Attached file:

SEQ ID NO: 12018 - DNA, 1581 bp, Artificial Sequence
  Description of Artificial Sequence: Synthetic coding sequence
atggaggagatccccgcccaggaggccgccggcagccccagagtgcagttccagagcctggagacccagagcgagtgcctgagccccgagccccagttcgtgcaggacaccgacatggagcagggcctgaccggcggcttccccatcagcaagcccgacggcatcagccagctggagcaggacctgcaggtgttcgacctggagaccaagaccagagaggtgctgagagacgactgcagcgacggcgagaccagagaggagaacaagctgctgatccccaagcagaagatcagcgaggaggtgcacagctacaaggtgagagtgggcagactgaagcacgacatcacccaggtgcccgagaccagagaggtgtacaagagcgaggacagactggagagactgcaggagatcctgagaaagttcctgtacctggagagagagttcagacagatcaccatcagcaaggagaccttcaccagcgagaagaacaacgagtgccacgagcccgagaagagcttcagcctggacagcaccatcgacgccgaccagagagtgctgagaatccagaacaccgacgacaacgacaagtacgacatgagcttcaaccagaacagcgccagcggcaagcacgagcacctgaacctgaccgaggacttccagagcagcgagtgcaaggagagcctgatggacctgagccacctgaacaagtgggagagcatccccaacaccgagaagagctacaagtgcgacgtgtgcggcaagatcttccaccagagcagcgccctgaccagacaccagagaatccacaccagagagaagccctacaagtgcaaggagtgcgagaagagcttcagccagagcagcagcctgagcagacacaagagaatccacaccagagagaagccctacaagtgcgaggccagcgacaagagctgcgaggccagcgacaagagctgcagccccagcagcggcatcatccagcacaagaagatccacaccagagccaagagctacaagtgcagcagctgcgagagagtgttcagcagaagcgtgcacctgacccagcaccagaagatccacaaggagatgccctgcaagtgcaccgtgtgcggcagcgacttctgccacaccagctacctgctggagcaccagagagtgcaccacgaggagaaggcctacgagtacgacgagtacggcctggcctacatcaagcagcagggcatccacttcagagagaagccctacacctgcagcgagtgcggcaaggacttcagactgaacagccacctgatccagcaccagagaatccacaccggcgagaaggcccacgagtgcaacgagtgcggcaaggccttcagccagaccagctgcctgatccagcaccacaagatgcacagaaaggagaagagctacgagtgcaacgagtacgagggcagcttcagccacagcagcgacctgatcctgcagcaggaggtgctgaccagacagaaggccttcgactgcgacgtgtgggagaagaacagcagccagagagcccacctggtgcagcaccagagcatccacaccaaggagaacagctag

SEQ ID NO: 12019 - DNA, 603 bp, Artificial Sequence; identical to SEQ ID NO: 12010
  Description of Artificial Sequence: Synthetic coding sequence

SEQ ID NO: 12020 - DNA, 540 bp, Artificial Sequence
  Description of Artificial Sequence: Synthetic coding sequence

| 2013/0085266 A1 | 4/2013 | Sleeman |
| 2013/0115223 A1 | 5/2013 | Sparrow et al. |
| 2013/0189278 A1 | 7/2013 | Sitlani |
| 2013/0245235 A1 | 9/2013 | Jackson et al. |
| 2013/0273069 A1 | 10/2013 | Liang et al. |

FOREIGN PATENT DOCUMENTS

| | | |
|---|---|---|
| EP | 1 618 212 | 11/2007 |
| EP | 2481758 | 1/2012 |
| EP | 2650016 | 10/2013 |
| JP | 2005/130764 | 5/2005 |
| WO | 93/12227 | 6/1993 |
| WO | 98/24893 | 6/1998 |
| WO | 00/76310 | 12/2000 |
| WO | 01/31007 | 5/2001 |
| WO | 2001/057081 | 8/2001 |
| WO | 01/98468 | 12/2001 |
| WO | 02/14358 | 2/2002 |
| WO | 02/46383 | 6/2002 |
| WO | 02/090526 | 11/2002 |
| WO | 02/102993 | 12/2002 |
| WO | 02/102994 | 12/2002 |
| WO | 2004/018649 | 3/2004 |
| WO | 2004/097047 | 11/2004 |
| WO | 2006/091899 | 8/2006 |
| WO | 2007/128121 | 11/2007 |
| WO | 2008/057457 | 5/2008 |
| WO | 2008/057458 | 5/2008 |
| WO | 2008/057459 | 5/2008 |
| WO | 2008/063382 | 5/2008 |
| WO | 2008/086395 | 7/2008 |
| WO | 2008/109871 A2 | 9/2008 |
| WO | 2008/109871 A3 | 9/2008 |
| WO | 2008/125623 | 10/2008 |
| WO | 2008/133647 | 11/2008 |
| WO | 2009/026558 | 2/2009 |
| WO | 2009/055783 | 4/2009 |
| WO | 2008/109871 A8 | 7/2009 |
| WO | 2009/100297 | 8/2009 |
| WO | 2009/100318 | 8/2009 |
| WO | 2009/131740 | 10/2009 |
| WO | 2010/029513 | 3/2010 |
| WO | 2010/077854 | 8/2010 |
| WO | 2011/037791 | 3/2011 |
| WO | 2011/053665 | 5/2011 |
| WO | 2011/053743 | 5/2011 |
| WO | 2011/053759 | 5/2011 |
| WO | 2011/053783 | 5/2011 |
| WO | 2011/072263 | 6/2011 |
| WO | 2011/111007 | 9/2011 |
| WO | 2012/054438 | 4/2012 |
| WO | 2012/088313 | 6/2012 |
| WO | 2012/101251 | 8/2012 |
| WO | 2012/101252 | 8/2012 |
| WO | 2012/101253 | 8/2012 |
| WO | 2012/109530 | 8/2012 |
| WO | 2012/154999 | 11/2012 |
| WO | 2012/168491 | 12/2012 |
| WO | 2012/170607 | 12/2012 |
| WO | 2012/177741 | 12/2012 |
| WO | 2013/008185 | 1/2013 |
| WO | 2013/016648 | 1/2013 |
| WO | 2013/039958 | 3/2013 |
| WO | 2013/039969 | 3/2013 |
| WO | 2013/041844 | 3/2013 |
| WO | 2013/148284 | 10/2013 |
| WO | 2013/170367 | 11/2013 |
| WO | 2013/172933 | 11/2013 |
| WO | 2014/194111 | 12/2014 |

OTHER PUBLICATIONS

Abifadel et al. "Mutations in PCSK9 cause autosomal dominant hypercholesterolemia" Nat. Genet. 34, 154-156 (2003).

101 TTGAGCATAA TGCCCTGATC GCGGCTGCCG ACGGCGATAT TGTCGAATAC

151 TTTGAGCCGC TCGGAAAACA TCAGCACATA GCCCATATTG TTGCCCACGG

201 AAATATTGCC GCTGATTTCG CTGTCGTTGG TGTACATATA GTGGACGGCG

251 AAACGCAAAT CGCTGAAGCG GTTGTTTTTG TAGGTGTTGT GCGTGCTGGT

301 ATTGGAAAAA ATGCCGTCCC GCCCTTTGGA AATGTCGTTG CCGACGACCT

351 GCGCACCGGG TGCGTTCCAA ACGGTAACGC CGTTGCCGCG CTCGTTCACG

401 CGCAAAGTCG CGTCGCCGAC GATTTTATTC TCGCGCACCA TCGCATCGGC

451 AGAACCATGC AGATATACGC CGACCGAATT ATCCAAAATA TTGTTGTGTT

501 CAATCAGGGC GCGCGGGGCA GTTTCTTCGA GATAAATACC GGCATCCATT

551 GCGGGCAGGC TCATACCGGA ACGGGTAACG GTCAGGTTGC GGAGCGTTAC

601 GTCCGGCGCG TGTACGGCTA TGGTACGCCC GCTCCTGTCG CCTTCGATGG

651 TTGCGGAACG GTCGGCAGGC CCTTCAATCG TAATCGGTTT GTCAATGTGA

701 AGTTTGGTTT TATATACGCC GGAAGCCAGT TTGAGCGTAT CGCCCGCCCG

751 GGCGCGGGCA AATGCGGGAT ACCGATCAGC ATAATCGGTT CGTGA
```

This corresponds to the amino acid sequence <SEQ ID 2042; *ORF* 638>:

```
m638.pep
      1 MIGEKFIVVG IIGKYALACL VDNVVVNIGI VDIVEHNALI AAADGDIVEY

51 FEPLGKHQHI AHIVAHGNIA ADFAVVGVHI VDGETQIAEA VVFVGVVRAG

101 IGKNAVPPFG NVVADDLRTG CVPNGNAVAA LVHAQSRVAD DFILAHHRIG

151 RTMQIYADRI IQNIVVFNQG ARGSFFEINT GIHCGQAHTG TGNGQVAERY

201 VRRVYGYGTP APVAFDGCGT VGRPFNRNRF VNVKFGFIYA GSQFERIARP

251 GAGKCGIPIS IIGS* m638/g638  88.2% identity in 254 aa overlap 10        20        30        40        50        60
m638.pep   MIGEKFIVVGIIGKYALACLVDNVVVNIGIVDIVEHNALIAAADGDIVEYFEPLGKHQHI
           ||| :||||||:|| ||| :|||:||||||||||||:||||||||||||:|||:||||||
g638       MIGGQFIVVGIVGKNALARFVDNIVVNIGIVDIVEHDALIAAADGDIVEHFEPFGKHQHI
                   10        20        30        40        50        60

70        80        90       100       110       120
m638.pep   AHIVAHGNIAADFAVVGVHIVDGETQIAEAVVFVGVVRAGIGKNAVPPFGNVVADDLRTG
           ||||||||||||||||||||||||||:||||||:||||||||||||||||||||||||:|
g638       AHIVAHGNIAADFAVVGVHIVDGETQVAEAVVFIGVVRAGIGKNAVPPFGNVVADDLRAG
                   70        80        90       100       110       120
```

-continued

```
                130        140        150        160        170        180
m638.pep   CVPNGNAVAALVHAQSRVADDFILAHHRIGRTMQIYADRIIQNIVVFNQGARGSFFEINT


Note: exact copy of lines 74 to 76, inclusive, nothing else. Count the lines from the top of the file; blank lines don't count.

| WO | 2013/148284 | 10/2013 |
| WO | 2013/170367 | 11/2013 |
| WO | 2013/172933 | 11/2013 |